A Scientist’s Pledge

    I accept this opportunity to follow the difficult and rewarding path of biomedical science and clinical research.

    I will endeavor to honor all those who have contributed to this opportunity by always working to the utmost of my abilities and by increasing those abilities when possible.

    I will strive to advance fundamental knowledge about all living things.

    I pledge to use my energy, intellect and education to enhance the lives of all mankind, understanding that often the greatest strides are made through efforts to assist the dispossessed and underprivileged in our world.

    I will carefully consider and remain mindful of the ethical implications of my work.

    I will never use my gifts and skills to intentionally harm any individual, or group.

    In planning and carrying out my work, I will treat this planet and all its life forms with honor and respect.

    I will honor and respect the efforts of my teachers, taking great care always to give credit where credit is due and always humbly understanding that all that I see, I see by standing on the shoulders of the many scientists who have gone before me.

    I will also honor and respect my students and all who rely on that which I have learned, striving to truthfully and openly disclose all my methods, findings, and conclusions

    So long as I adhere to this pledge, may I have continued success in the field of biomedical science and clinical research.

  • MPH students — International Declaration of Health Rights

    International Declaration of Health Rights 

    Health requires peaceful and equitable development and collaboration of all peoples. 

    The enjoyment of the highest attainable standard of health is one of the fundamental rights of every human being. It is not a privilege for those with power, money, or social standing. 

    Health is more than the absence of disease, but includes prevention of illness, development of individual potential, a positive sense of physical, mental, and social well-being. 

    Health care should be based on dialogue and collaboration between citizens, professions, communities, and policy makers. Health service should be affordable, accessible, effective, efficient, and convenient.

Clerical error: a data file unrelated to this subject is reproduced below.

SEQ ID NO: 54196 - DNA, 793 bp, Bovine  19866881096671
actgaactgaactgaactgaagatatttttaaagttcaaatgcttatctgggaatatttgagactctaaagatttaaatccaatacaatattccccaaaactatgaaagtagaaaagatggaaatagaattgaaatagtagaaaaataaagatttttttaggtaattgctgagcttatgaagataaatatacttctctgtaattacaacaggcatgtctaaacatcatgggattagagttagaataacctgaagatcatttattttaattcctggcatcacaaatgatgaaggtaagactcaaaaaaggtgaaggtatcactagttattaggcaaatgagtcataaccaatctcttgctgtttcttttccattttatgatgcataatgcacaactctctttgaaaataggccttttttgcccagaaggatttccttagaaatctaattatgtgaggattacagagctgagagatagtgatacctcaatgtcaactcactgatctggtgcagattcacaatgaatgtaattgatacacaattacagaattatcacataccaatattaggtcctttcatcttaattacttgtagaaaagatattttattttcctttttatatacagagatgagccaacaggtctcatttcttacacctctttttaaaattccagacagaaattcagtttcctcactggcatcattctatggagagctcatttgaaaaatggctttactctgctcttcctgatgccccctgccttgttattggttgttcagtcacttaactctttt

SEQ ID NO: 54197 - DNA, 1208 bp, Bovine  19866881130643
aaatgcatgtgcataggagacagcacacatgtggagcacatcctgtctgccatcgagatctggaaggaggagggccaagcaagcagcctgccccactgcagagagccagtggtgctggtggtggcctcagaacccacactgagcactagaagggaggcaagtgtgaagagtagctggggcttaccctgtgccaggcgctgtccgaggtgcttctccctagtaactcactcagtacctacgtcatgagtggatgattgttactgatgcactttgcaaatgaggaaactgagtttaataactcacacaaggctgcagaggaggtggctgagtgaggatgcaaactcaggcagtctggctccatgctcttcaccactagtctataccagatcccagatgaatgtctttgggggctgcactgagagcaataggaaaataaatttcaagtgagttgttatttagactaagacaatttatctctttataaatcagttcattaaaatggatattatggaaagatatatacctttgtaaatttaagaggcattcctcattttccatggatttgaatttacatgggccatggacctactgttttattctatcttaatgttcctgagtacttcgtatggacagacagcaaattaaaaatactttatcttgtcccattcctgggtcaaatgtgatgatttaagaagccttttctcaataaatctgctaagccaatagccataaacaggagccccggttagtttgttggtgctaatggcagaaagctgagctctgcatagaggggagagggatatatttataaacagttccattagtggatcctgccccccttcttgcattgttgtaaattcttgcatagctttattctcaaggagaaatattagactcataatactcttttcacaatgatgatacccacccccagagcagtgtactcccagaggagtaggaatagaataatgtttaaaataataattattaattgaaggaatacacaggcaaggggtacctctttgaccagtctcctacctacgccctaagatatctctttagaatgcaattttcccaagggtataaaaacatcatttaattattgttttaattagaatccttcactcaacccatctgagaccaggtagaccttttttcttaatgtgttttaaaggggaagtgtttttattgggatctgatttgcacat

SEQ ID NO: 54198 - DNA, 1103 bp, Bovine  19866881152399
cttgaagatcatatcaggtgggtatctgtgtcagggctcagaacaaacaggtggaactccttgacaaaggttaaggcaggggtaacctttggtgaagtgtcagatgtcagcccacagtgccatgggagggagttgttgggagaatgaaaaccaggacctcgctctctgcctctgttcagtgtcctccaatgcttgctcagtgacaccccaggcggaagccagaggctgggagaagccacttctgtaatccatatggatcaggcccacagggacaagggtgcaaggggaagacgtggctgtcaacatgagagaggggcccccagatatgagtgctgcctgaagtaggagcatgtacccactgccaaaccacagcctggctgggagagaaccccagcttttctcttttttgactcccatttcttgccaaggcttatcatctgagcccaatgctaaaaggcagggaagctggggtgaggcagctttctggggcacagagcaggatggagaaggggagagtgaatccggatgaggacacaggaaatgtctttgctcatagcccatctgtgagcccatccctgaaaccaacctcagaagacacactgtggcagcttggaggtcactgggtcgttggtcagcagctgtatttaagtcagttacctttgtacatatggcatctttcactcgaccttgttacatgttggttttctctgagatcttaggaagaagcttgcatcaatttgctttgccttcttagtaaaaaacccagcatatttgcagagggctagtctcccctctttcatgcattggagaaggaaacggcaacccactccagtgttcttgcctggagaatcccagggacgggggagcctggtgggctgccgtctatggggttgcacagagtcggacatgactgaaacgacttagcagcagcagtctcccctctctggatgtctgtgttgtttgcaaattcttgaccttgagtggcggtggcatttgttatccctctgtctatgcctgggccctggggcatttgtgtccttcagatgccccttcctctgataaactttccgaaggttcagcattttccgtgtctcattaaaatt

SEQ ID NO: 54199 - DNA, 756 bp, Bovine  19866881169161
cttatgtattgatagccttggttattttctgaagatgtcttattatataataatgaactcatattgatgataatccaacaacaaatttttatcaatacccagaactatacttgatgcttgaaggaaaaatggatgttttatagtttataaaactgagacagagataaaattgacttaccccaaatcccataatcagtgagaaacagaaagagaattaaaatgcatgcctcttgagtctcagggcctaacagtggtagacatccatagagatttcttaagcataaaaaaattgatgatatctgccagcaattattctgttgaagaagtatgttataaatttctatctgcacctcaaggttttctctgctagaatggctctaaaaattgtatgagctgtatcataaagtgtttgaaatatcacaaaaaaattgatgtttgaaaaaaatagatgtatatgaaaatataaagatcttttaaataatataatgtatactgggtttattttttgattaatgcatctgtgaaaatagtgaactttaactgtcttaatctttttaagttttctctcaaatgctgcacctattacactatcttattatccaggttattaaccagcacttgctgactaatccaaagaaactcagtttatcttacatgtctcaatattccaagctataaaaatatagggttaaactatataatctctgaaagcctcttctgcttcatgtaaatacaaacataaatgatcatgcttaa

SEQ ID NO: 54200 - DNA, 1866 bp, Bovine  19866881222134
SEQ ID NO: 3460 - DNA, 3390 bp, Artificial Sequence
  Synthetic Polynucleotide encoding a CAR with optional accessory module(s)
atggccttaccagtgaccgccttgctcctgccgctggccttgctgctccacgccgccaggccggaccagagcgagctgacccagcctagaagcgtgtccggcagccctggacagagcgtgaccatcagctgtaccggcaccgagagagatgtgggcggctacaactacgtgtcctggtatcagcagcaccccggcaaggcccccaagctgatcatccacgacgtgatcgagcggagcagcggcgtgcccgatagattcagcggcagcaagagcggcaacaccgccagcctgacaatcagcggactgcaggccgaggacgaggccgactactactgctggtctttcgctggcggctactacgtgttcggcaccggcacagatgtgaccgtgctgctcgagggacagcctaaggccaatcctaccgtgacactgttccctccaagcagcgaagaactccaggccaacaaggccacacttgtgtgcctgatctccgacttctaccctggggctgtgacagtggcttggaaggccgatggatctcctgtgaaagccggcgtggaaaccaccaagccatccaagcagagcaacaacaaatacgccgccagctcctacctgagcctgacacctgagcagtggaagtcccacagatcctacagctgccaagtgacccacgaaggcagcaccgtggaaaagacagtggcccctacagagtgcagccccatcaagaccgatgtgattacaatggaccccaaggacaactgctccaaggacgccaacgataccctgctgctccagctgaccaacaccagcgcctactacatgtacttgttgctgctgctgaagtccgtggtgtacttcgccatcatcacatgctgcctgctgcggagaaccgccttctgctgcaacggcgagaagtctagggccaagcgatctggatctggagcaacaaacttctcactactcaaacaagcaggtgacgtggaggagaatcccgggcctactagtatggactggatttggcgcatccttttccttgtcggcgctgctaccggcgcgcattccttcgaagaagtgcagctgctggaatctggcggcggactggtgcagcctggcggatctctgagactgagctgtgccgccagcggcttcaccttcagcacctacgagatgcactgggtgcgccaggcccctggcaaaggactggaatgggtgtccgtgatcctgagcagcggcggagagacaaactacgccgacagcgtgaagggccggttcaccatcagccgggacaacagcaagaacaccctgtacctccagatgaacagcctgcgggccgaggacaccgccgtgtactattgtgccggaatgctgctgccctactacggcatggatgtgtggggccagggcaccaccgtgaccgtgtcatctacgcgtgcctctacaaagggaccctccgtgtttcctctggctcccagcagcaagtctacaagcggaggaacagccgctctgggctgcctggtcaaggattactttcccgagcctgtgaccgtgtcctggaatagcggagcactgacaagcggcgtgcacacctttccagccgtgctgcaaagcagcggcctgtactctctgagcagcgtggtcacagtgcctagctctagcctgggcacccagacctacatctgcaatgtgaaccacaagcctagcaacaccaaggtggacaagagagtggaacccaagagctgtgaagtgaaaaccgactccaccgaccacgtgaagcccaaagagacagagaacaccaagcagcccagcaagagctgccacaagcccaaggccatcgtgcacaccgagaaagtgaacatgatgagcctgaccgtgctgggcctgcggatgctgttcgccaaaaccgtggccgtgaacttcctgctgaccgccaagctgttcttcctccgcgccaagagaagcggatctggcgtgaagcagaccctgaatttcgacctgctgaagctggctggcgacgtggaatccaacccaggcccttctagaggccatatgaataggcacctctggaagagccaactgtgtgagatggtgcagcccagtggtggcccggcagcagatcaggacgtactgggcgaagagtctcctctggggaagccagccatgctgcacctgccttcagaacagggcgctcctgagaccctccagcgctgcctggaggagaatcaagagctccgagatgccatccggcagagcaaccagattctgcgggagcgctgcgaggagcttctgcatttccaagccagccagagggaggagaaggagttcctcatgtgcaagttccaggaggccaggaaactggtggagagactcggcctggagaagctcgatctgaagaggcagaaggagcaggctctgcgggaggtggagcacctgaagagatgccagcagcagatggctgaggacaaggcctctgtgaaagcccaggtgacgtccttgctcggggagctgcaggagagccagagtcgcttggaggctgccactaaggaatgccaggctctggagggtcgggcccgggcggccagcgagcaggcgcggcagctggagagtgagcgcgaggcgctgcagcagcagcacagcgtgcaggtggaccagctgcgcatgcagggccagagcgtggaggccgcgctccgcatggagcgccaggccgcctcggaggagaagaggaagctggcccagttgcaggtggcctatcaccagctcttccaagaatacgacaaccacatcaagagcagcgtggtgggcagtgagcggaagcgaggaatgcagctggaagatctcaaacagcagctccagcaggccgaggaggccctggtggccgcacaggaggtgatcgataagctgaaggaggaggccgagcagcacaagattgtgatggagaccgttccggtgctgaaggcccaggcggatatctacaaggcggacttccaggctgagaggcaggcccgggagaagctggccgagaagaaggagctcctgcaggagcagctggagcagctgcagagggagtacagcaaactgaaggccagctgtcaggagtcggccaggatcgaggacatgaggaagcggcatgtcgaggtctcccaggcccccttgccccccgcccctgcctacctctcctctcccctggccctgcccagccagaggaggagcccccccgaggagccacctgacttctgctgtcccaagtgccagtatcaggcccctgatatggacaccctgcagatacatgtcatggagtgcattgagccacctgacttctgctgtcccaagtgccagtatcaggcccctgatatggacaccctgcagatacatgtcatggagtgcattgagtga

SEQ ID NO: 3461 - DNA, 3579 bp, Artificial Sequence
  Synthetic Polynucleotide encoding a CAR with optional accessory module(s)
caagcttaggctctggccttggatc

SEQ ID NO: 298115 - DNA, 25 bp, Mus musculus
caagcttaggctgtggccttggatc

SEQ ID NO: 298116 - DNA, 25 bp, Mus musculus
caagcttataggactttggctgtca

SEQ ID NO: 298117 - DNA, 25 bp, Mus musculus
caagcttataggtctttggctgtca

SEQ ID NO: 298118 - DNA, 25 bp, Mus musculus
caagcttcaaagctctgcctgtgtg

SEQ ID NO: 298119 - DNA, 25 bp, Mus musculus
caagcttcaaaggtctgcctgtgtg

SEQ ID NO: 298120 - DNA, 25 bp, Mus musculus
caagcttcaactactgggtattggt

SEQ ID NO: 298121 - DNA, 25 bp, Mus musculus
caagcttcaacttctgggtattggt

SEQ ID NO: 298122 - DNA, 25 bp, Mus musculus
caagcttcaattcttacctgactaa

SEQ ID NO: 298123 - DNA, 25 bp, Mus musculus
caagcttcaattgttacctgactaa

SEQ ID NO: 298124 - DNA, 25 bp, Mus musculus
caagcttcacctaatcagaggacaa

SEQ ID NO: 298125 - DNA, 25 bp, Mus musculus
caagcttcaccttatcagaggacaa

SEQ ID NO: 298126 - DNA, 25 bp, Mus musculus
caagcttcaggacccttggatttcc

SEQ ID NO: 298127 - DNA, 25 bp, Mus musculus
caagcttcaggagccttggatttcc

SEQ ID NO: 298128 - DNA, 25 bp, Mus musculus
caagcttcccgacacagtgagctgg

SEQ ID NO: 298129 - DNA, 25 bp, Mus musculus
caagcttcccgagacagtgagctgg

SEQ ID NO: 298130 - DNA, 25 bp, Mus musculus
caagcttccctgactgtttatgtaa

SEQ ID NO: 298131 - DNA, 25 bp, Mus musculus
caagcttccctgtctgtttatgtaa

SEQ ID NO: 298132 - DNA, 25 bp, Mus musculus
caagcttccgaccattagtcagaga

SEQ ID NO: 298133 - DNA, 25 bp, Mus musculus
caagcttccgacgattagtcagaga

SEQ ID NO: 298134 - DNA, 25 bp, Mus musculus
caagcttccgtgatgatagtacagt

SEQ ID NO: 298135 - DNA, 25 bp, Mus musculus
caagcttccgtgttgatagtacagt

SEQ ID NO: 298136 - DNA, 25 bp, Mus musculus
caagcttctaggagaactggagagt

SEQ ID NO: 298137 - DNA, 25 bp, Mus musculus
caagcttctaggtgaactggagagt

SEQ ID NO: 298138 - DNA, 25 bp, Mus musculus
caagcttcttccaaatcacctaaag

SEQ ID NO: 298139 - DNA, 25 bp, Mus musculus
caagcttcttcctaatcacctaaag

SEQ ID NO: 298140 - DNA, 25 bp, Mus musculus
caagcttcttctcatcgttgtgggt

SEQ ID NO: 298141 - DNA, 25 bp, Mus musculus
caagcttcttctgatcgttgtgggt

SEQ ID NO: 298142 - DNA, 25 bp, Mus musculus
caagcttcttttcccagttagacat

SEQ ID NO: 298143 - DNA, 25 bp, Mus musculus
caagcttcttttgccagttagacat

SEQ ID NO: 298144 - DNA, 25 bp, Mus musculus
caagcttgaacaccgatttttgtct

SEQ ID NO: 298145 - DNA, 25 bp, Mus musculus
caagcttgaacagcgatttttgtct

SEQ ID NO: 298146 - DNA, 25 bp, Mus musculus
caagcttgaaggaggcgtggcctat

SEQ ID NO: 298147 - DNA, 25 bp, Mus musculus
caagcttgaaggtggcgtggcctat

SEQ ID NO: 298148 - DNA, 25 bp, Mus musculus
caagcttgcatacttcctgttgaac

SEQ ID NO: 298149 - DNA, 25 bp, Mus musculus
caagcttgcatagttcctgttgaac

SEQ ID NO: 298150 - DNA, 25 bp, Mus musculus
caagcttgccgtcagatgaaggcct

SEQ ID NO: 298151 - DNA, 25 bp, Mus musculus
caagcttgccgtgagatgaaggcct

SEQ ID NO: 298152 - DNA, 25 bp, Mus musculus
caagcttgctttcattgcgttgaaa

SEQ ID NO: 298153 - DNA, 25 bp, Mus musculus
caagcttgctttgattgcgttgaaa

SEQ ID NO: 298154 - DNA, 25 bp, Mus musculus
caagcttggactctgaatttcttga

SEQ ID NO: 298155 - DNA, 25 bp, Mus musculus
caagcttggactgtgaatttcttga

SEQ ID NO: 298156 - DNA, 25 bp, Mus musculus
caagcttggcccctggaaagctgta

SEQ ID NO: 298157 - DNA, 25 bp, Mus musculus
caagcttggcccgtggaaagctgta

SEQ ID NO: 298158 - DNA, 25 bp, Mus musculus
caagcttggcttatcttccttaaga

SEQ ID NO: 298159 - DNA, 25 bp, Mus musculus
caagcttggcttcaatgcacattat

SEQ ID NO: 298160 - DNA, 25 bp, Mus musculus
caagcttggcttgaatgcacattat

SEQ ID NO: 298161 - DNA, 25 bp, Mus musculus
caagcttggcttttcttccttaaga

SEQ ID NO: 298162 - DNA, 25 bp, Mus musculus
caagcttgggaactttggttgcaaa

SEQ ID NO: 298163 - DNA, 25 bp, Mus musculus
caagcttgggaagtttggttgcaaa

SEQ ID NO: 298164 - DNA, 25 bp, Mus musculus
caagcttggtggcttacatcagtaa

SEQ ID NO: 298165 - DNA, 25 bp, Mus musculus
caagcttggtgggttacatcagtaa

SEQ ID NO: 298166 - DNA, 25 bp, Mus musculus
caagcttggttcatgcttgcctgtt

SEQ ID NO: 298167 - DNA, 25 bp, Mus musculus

Health begins with healthy development of the child and a positive family environment. 

    Health must be sustained by the active role of men and women in health and development. The role of women and their welfare must be recognized and addressed. 

    Health care for the elderly should preserve dignity, respect, and concern for a sustainable environment with balanced human populations growth and preservation of cultural diversity. 

    Health depends on the availability to people of basic elements: Food, safe water, housing, education, productive employment, protection from pollution, and prevention of social alienation. 

    Health depends on protection from exploitation without distinction of race, religion, political-belief, economic or social condition. 

    OATH: WE as people concerned about health improvement in the world do hereby commit ourselves to advocacy and action to promote the health rights of all human beings.


Parking Alert!

Due to our rapid growth and associated construction projects, on-campus parking is extremely limited at this time, particularly on weekdays when classes and regular campus operations are under way. We highly recommend that students and their families carpool to Convocation, use public transportation—the closest MARTA stop is the West End station—or take a rideshare service such as Lyft or Uber. MSM police will be directing traffic to appropriate parking locations.

The parking garage entrance is located on Lee Street. Visitors with mobility considerations may be dropped off and picked up at the Westview Drive entrance/NCPC circle drive.


2018 Entering Class Profile

164 students

  • 100 – Doctor of Medicine
  • 8 – Doctor of Philosophy in Biomedical Sciences
  • 3 – Master of Science in Biomedical Research
  • 1 – Master of Science in Biomedical Technology
  • 4 – Master of Science in Clinical Research
  • 24 – Master of Science in Medical Sciences
  • 3 – Master of Science in Neuroscience
  • 22 – Master of Public Health
Race/Ethnicity
African-American 76%
Asian 9%
Caucasian 8%
Hispanic/Latino 2%
Other 5%

Gender
Female 60%
Male 40%
Residency
Georgia Resident 66%
Out of State 34%

 


The Arnold P. Gold Foundation White Coat Ceremony

Morehouse School of Medicine thanks the Arnold P. Gold Foundation for its support of our 34th Convocation & White Coat and Pinning Ceremony.